True Honesty

I’ve linked here and there to Brad Blanton’s Radical Honesty site, and I strongly recommend that just about anyone read the book of the same name. I am indebted to my chosen brother Ron for recommending the book to me, but I have to admit that it took me a couple of attempts to read it—like so many things, I had to wait until I was ready to hear its message. Today, I strive to practice full honesty in all of my relationships, but I hesitate to talk about practicing radical honesty because it has garnered some negative connotations due to misunderstandings.

Practicing true honesty doesn’t mean being an asshole. It means being honest in the spirit of love. You don’t throw what Ron calls “truth bombs,” you tell the truth with compassion, and stick around for any fallout. If someone says, “What do you think of my speech?” and it was terrible, you don’t say, “It was fine, honey,” because it wasn’t. Neither do you say, “That sucked.” You say, “I don’t think it expressed your point very well,” or “I feel that it wasn’t your best work. Would you like me to help you prepare next time?” or whatever (if you’re willing to help, anyway). And you listen.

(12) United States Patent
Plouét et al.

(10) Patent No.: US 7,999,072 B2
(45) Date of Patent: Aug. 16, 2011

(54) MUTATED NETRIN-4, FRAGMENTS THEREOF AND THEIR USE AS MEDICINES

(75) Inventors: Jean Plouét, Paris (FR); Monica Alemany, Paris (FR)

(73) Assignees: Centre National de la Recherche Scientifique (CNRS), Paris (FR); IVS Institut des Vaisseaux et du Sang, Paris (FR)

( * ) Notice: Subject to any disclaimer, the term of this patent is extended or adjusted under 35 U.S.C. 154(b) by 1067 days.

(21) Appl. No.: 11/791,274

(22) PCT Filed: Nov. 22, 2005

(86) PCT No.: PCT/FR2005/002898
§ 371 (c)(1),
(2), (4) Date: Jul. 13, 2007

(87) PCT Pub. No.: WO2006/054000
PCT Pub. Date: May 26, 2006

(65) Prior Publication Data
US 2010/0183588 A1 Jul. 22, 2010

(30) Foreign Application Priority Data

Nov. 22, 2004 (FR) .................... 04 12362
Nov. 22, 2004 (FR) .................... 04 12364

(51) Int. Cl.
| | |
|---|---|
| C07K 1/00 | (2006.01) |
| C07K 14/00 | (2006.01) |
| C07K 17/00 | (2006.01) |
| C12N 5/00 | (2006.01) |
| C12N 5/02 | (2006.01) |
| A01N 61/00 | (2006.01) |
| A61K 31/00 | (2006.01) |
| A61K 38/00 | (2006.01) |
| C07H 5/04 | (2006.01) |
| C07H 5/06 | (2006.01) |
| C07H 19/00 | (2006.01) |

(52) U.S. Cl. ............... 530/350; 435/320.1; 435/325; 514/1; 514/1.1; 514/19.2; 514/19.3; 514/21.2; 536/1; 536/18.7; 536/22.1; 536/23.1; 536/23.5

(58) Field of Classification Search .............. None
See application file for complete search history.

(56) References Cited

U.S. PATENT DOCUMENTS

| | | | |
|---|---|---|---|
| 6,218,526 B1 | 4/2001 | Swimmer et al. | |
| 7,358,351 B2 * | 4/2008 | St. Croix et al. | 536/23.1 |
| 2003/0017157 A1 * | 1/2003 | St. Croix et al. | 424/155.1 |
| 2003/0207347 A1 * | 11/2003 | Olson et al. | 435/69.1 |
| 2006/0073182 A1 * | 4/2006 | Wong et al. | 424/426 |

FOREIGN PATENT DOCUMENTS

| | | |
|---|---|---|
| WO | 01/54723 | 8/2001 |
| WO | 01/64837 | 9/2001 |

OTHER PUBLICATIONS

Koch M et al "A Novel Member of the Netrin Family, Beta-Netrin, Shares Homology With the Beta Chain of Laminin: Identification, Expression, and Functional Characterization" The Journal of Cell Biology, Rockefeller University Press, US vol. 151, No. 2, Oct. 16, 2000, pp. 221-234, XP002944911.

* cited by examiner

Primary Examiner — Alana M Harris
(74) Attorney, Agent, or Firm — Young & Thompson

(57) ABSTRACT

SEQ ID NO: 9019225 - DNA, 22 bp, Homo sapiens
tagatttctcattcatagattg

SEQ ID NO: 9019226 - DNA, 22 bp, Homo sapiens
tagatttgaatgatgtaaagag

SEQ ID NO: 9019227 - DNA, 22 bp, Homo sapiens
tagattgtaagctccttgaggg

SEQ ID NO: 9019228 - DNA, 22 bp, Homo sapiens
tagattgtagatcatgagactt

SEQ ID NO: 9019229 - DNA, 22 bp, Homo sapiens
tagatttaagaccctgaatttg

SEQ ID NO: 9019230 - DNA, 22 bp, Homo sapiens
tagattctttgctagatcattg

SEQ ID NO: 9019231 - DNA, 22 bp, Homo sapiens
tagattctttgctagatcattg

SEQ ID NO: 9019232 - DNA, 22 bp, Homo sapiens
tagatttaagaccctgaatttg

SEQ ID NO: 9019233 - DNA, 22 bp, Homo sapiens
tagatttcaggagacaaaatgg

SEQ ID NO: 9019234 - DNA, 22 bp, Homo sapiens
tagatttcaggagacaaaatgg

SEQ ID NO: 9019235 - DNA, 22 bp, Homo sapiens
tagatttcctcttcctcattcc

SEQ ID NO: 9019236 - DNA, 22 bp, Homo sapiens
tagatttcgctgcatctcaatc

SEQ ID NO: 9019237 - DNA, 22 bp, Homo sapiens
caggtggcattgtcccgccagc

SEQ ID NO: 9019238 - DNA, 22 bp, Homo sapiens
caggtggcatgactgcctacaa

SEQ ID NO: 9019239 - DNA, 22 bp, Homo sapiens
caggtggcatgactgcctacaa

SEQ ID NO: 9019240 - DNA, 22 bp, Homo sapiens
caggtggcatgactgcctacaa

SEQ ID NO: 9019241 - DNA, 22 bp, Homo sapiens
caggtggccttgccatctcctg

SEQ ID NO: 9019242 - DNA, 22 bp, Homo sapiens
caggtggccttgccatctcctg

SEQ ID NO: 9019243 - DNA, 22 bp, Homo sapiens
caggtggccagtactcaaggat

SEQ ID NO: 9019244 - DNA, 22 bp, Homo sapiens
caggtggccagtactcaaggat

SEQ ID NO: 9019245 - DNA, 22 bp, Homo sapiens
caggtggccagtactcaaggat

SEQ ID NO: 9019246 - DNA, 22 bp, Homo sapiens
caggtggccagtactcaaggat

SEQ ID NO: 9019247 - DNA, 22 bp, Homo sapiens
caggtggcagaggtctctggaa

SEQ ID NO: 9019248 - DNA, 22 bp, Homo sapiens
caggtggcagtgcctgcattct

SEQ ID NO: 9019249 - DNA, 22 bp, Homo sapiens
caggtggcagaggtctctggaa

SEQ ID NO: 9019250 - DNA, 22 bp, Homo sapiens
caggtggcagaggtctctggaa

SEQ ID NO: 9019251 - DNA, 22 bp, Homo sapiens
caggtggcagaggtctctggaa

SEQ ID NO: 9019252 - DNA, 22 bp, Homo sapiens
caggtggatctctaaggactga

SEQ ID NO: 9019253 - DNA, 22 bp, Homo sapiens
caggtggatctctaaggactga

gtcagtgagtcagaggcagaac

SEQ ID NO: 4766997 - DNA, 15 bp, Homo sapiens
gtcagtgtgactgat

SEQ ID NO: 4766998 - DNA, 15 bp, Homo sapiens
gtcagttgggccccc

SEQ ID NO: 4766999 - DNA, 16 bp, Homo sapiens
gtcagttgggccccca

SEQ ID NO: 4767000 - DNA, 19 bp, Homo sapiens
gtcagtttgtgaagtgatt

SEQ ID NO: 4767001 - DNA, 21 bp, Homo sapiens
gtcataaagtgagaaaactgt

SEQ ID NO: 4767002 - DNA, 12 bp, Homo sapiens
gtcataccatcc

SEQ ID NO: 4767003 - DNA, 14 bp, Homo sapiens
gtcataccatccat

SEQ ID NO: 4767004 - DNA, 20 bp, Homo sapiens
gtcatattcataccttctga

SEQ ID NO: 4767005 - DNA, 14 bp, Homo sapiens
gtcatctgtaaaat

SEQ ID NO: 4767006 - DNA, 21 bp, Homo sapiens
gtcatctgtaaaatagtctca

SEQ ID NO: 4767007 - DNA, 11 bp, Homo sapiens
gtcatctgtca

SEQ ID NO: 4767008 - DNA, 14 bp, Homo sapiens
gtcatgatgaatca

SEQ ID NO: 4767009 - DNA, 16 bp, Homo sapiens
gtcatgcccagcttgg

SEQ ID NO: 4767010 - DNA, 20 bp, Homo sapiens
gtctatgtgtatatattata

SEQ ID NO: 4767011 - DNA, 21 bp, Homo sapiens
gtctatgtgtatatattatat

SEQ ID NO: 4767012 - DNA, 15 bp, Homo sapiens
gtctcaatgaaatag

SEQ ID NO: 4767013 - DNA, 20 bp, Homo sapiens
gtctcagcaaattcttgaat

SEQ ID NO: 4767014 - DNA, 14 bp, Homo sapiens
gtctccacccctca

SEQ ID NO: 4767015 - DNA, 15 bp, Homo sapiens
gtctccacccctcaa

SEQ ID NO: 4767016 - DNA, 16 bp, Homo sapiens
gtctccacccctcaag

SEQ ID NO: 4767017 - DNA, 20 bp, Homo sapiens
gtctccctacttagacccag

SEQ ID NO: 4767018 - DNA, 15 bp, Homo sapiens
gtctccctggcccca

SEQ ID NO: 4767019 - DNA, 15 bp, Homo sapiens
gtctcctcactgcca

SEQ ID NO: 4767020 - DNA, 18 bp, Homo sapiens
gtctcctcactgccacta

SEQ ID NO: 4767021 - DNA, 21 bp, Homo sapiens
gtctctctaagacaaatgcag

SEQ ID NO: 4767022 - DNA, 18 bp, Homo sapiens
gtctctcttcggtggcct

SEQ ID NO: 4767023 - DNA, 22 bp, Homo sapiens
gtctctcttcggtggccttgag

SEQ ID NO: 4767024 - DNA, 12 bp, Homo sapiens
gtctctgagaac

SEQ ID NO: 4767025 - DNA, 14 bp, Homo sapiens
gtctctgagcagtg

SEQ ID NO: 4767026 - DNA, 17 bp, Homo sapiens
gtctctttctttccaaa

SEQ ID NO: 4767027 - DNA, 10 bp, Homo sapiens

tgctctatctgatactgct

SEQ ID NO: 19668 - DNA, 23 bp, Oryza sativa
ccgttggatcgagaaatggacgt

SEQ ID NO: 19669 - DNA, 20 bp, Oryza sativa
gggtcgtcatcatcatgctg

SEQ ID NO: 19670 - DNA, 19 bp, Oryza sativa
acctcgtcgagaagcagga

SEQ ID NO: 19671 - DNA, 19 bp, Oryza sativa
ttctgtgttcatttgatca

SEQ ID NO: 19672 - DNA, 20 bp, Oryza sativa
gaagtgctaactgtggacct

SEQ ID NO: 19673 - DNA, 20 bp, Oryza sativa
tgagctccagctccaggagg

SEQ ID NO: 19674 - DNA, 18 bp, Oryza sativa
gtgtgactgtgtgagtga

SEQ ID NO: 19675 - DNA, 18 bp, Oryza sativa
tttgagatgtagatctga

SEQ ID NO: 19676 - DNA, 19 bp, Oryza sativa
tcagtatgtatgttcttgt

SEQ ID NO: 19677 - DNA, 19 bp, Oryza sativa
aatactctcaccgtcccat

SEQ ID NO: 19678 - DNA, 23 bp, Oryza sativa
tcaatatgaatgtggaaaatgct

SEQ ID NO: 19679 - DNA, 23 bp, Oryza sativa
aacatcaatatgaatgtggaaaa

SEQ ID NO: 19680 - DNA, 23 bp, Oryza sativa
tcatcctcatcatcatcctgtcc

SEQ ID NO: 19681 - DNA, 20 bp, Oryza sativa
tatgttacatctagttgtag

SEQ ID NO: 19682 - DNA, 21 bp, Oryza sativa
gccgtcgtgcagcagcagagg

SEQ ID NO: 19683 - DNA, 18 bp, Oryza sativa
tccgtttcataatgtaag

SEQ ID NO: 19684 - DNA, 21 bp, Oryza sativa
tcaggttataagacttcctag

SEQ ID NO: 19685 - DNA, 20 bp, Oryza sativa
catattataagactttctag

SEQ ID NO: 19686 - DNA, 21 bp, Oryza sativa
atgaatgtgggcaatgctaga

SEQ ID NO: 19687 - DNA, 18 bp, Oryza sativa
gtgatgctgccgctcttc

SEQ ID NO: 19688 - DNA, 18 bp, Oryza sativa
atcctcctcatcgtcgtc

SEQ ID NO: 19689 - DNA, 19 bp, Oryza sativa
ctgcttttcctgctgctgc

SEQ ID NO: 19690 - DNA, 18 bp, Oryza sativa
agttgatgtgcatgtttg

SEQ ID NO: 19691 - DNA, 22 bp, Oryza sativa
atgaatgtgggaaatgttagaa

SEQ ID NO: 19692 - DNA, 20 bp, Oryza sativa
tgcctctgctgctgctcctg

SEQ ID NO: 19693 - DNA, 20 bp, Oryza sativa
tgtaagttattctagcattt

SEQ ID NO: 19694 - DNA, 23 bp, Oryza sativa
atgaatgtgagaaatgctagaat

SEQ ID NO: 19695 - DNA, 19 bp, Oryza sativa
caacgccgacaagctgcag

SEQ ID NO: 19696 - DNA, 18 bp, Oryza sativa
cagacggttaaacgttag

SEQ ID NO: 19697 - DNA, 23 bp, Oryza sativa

By lying, I mean either stating or implying something that isn’t true, or isn’t wholly true, or withholding the truth about something. In the context of relationships, I don’t personally think it’s vital to share every thought that crosses our minds, but if something affects the relationship in any way, it needs to be shared. If your partner has bad breath you need to say so, right away. If you overspent on groceries and can’t put gas in the car, you need to say so, right away. If you’re finding yourself very attracted to a co-worker, that’s something to share. Yes, there’s going to be a reaction, but in every case it’s healthier for the relationship to get things out in the open than to withhold the truth.

When you lie to anyone with whom you’re in relationship, you have to lie to yourself first to some extent. You have to lie about the fact that it won’t matter, or that you won’t get caught out, or someting, but you have to lie to yourself, and it hurts you somehow if you aren’t broken inside. (If you’re a sociopath, psychopath, narcissist, etc. you’re beyond the scope of this article.)

Not only do you hurt yourself, but you put energy into hiding whatever it is that you lied about, and keeping up with your lies. It prevents intimacy, because there’s something coming between you. Telling the truth is simpler and takes less energy, and doesn’t get in the way of intimacy.

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